Rucaparib (By mouth)
Treats cancer, including ovarian, fallopian tube, primary peritoneal, or prostate cancer.
RubracaThere may be other brand names for this medicine.
When This Medicine Should Not Be Used:This medicine is not right for everyone. Do not use it if you had an allergic reaction to rucaparib, or if you are pregnant or breastfeeding.
How to Use This Medicine:
- Take your medicine as directed. Your dose may need to be changed several times to find what works best for you.
- Your doctor may also give you other medicines (including gonadotropin-releasing hormone medicine) during prostate cancer treatment or you should have had surgical removal of the testes before using this medicine.
- Read and follow the patient instructions that come with this medicine. Talk to your doctor or pharmacist if you have any questions.
- Missed dose: If you miss a dose of this medicine, skip the missed dose and go back to your regular dosing schedule. Do not double doses. If you vomit after taking a dose, do not take an extra dose.
- Store the medicine in a closed container at room temperature, away from heat, moisture, and direct light.
Drugs and Foods to Avoid:
Ask your doctor or pharmacist before using any other medicine, including over-the-counter medicines, vitamins, and herbal products.
- Some foods and medicines can affect how rucaparib works. Tell your doctor if you are using caffeine, digoxin, midazolam, omeprazole, or warfarin.
Warnings While Using This Medicine:
- It is not safe to take this medicine during pregnancy. It could harm an unborn baby. Tell your doctor right away if you become pregnant. Pregnancy tests are required before treatment with this medicine. Use an effective form of birth control during treatment and for at least 6 months after your last dose. Male patients with female partners should use an effective form of birth control during treatment and for at least 3 months after the last dose.
- Do not breastfeed during treatment and for at least 2 weeks after the last dose.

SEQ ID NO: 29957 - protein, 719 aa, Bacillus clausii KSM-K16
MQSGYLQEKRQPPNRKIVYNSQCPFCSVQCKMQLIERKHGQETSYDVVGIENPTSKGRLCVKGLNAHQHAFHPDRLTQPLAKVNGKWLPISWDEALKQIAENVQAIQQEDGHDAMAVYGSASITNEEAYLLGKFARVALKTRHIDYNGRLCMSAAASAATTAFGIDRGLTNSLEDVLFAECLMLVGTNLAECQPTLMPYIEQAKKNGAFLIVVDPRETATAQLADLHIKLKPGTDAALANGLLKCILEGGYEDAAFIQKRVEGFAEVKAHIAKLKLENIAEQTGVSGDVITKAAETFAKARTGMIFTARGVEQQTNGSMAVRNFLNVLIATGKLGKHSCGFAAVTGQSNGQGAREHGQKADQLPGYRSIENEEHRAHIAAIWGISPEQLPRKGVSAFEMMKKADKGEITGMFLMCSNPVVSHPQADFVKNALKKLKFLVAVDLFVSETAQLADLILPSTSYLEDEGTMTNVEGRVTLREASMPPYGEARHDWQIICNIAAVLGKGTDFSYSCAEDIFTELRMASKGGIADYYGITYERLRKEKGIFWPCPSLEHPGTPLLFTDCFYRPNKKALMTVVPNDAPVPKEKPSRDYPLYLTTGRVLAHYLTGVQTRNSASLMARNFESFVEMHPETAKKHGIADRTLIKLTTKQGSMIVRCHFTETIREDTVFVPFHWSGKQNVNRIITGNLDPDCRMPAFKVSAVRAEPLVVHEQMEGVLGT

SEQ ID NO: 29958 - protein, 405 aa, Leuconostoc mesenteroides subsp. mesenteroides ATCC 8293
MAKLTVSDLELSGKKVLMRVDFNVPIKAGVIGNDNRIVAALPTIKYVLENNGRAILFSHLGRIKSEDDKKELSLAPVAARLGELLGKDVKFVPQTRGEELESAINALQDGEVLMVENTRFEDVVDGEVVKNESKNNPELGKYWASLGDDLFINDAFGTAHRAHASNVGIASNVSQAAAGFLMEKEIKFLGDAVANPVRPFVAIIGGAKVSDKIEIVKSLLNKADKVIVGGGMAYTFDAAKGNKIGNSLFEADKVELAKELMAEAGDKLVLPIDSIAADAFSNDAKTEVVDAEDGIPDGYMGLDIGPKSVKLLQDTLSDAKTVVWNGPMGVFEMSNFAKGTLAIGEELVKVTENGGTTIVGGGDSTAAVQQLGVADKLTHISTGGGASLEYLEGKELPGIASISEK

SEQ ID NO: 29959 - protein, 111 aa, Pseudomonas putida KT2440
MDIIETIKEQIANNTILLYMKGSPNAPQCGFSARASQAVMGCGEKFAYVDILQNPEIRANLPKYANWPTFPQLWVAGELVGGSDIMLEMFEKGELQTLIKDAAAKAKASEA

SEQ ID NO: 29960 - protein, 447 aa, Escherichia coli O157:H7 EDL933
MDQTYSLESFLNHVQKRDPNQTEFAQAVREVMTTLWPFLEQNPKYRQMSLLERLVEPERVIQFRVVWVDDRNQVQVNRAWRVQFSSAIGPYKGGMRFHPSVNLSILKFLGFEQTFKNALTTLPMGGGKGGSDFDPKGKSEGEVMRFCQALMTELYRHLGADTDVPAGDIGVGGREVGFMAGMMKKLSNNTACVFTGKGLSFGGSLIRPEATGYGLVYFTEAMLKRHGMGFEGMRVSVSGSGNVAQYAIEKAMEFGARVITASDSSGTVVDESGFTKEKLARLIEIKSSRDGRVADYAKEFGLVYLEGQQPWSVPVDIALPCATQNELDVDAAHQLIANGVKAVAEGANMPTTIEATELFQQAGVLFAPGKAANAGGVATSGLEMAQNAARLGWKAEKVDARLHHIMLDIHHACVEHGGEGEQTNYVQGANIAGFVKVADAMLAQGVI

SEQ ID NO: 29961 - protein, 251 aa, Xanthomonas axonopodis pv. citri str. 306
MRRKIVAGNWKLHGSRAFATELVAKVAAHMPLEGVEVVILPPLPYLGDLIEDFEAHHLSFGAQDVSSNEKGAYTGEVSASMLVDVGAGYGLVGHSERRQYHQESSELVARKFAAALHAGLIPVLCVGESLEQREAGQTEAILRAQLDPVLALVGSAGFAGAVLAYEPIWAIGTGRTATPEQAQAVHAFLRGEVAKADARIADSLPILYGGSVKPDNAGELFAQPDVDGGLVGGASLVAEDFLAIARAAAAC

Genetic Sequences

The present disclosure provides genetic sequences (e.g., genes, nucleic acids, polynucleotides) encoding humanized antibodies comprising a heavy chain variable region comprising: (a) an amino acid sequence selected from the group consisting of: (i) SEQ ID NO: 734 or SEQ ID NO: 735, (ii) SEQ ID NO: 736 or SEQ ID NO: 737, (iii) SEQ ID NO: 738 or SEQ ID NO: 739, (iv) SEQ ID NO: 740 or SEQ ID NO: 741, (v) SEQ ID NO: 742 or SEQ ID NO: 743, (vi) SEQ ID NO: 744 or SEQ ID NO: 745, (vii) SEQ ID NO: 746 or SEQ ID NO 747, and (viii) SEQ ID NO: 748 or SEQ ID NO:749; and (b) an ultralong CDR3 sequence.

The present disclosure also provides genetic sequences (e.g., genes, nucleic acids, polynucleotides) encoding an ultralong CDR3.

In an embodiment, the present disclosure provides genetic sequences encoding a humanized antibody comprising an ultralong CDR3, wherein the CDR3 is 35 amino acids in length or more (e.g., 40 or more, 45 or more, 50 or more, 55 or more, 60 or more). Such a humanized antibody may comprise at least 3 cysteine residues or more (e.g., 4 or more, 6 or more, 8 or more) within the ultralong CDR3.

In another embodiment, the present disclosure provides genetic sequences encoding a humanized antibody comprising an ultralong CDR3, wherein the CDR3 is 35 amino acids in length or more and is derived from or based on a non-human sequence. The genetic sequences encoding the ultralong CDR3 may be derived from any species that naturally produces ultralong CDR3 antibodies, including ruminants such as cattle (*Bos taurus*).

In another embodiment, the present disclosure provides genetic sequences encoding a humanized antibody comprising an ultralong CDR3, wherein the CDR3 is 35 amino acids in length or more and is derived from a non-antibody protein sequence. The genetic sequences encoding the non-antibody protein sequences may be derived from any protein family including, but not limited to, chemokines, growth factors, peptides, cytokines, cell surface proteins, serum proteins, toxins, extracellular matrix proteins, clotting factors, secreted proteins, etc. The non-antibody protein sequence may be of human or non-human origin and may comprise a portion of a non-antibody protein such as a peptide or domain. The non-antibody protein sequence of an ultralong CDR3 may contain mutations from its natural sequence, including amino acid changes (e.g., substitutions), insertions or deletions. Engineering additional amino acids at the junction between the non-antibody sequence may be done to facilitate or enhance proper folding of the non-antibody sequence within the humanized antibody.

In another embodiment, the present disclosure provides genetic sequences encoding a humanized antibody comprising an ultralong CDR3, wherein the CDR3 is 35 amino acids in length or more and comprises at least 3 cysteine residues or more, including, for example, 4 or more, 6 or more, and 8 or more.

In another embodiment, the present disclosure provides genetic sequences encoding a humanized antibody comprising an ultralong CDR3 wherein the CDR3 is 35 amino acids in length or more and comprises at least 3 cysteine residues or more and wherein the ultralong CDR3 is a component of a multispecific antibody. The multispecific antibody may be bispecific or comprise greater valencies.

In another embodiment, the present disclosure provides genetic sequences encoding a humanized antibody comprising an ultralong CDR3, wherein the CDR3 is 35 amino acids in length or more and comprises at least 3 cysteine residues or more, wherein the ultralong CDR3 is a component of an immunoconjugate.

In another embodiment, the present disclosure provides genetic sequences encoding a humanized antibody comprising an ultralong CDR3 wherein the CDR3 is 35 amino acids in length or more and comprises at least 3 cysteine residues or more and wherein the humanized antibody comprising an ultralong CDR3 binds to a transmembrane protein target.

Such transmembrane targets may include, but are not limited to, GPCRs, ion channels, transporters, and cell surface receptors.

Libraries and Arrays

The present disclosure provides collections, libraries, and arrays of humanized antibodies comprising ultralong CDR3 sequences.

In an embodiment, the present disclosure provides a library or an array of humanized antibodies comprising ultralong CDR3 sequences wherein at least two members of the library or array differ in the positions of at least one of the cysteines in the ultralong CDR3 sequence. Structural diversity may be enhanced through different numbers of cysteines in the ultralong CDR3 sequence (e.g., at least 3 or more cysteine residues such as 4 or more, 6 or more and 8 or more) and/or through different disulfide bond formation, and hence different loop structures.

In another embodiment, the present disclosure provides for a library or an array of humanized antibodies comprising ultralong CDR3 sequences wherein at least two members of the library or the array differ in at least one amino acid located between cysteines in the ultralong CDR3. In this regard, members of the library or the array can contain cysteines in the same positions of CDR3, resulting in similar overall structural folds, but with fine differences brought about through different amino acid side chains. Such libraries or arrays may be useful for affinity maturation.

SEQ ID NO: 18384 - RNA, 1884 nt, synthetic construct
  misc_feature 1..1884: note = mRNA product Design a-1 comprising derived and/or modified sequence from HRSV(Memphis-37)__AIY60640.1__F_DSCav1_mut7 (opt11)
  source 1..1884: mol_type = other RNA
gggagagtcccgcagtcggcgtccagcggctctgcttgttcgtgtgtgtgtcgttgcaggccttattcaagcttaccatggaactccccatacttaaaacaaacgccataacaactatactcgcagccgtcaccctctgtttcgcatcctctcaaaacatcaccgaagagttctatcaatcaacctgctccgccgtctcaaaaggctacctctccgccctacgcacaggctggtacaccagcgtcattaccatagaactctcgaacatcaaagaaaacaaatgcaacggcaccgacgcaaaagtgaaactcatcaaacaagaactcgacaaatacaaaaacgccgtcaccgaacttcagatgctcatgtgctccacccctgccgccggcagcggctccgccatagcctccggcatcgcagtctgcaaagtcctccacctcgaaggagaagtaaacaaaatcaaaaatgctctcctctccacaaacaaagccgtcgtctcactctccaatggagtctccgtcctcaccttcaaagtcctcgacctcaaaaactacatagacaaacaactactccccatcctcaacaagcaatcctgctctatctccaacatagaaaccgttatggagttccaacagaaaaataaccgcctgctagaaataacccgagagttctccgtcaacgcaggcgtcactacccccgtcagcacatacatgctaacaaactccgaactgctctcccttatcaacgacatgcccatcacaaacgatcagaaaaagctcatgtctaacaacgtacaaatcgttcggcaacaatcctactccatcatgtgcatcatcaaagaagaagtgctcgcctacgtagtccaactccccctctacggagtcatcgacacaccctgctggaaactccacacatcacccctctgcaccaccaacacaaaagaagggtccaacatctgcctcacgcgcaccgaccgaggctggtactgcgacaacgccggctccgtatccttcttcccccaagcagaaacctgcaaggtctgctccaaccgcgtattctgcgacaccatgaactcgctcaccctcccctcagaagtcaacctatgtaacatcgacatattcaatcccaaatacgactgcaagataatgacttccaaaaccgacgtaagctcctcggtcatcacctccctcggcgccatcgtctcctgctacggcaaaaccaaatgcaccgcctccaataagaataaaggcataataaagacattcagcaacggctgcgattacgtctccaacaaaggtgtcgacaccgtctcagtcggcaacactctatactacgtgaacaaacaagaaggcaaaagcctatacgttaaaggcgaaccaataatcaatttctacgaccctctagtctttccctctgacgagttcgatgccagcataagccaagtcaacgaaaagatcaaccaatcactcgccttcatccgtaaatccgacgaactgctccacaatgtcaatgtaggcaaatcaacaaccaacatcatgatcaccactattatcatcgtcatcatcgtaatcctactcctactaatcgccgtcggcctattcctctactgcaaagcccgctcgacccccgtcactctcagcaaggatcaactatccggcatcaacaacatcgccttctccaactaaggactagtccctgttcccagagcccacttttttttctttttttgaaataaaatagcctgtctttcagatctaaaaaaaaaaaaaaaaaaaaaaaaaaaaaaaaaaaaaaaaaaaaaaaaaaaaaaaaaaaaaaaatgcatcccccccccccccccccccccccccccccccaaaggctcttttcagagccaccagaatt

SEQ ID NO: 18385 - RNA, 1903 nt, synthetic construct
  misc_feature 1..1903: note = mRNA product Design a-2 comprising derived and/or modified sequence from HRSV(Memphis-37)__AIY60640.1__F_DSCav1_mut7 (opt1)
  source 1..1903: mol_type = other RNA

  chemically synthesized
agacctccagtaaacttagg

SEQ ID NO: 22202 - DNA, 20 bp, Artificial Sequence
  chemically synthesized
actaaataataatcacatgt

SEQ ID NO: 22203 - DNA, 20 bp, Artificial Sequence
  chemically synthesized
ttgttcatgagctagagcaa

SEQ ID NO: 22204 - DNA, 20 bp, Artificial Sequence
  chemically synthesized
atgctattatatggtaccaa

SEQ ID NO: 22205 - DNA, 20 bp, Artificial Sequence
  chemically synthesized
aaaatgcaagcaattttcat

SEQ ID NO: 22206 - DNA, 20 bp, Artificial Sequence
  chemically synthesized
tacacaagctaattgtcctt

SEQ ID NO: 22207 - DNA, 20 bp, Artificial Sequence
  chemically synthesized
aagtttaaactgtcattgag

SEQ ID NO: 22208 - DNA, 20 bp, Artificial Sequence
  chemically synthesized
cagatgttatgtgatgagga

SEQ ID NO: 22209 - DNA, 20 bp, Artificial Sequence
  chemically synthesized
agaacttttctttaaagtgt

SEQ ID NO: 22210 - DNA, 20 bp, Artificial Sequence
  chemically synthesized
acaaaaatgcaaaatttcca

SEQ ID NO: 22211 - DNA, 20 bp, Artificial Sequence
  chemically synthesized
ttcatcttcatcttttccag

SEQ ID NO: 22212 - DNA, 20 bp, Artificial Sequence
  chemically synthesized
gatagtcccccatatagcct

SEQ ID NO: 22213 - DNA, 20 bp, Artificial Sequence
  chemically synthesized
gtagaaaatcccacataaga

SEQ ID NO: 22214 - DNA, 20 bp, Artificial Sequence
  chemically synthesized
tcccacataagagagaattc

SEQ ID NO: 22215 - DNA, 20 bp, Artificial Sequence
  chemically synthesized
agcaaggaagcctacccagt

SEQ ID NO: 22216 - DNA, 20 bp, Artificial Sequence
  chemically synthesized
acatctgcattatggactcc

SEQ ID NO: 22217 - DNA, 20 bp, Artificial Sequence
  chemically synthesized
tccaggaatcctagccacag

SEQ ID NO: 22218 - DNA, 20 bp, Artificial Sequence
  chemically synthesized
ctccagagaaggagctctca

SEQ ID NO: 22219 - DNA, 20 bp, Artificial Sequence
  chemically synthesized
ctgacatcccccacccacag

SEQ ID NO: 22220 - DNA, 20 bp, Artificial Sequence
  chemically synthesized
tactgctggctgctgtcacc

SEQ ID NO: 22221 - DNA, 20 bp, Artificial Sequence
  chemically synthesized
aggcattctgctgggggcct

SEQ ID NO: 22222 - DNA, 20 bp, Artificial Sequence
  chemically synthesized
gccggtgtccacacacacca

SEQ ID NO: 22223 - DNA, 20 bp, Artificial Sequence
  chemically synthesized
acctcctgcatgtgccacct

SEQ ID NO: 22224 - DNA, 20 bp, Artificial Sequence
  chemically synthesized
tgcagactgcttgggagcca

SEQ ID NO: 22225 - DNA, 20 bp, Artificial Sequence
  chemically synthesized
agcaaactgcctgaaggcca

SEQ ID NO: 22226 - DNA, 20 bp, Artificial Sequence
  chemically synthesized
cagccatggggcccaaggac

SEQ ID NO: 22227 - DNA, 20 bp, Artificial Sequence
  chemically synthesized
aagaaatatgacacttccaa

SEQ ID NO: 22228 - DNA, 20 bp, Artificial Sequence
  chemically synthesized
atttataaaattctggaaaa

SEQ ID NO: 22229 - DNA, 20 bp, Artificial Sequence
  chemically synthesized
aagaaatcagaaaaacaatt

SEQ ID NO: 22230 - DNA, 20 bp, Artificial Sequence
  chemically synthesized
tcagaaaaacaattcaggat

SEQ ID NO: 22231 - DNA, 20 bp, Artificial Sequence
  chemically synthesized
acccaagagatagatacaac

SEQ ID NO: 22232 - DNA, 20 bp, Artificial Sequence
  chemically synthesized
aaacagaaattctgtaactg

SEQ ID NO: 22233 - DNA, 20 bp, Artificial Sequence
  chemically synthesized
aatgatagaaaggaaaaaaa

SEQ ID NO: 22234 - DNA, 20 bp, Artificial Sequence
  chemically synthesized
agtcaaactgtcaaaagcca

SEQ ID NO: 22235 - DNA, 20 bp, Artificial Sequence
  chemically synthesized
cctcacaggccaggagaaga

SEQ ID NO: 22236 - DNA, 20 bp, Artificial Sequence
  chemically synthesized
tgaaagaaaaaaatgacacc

- Do not donate sperm while you are using this medicine and for at least 3 months after your last dose.
- Tell your doctor if you have kidney disease, liver disease, or blood or bone marrow problems.
- This medicine may increase your risk for bone marrow problems, including myelodysplastic syndrome or acute myeloid leukemia.
- Medicines used to treat cancer are very strong and can have many side effects. Before receiving this medicine, make sure you understand all the risks and benefits. It is important for you to work closely with your doctor during your treatment.
- This medicine may make your skin more sensitive to sunlight. Wear sunscreen. Do not use sunlamps or tanning beds.
- Your doctor will do lab tests at regular visits to check on the effects of this medicine. Keep all appointments.
- Keep all medicine out of the reach of children. Never share your medicine with anyone.
Possible Side Effects While Using This Medicine:
Call your doctor right away if you notice any of these side effects:
- Allergic reaction: Itching or hives, swelling in your face or hands, swelling or tingling in your mouth or throat, chest tightness, trouble breathing
- Blood in the urine or stools
- Chest pain, trouble breathing
- Fever, chills, cough, runny or stuffy nose, sore throat, body aches
- Unusual bleeding, bruising, or weakness
If you notice these less serious side effects, talk with your doctor:
- Change in taste, decreased appetite
- Constipation, diarrhea, nausea, vomiting, stomach pain or upset
- Skin rash
- Sores or white patches on your lips, mouth, or throat
If you notice other side effects that you think are caused by this medicine, tell your doctor
Call your doctor for medical advice about side effects. You may report side effects to FDA at 1-800-FDA-1088
Last Updated: 3/29/2022